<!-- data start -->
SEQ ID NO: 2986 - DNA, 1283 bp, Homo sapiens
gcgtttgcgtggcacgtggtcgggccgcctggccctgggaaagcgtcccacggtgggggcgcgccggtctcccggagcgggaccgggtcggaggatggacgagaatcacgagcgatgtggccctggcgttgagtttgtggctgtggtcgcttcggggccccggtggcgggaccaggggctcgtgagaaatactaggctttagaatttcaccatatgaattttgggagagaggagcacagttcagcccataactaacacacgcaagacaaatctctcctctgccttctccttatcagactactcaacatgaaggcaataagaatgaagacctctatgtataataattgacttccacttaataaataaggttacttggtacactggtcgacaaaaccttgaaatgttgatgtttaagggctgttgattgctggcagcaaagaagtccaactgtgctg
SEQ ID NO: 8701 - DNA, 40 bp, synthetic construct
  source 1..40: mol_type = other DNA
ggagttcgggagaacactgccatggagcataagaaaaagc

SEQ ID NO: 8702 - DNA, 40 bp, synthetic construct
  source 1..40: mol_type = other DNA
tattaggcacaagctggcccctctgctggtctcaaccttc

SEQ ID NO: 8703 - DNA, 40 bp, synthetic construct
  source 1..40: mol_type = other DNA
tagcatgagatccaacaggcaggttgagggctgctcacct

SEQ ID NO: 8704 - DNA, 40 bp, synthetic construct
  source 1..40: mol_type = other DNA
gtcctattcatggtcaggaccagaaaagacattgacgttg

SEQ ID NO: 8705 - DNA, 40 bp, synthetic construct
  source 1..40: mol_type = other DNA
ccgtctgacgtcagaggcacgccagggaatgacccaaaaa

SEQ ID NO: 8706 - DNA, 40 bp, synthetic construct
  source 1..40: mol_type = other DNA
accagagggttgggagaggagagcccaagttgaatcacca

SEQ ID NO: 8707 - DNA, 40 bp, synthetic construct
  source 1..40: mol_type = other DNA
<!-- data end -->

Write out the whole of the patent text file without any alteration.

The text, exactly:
SEQ ID NO: 2986 - DNA, 1283 bp, Homo sapiens
gcgtttgcgtggcacgtggtcgggccgcctggccctgggaaagcgtcccacggtgggggcgcgccggtctcccggagcgggaccgggtcggaggatggacgagaatcacgagcgatgtggccctggcgttgagtttgtggctgtggtcgcttcggggccccggtggcgggaccaggggctcgtgagaaatactaggctttagaatttcaccatatgaattttgggagagaggagcacagttcagcccataactaacacacgcaagacaaatctctcctctgccttctccttatcagactactcaacatgaaggcaataagaatgaagacctctatgtataataattgacttccacttaataaataaggttacttggtacactggtcgacaaaaccttgaaatgttgatgtttaagggctgttgattgctggcagcaaagaagtccaactgtgctg
SEQ ID NO: 8701 - DNA, 40 bp, synthetic construct
  source 1..40: mol_type = other DNA
ggagttcgggagaacactgccatggagcataagaaaaagc

SEQ ID NO: 8702 - DNA, 40 bp, synthetic construct
  source 1..40: mol_type = other DNA
tattaggcacaagctggcccctctgctggtctcaaccttc

SEQ ID NO: 8703 - DNA, 40 bp, synthetic construct
  source 1..40: mol_type = other DNA
tagcatgagatccaacaggcaggttgagggctgctcacct

SEQ ID NO: 8704 - DNA, 40 bp, synthetic construct
  source 1..40: mol_type = other DNA
gtcctattcatggtcaggaccagaaaagacattgacgttg

SEQ ID NO: 8705 - DNA, 40 bp, synthetic construct
  source 1..40: mol_type = other DNA
ccgtctgacgtcagaggcacgccagggaatgacccaaaaa

SEQ ID NO: 8706 - DNA, 40 bp, synthetic construct
  source 1..40: mol_type = other DNA
accagagggttgggagaggagagcccaagttgaatcacca

SEQ ID NO: 8707 - DNA, 40 bp, synthetic construct
  source 1..40: mol_type = other DNA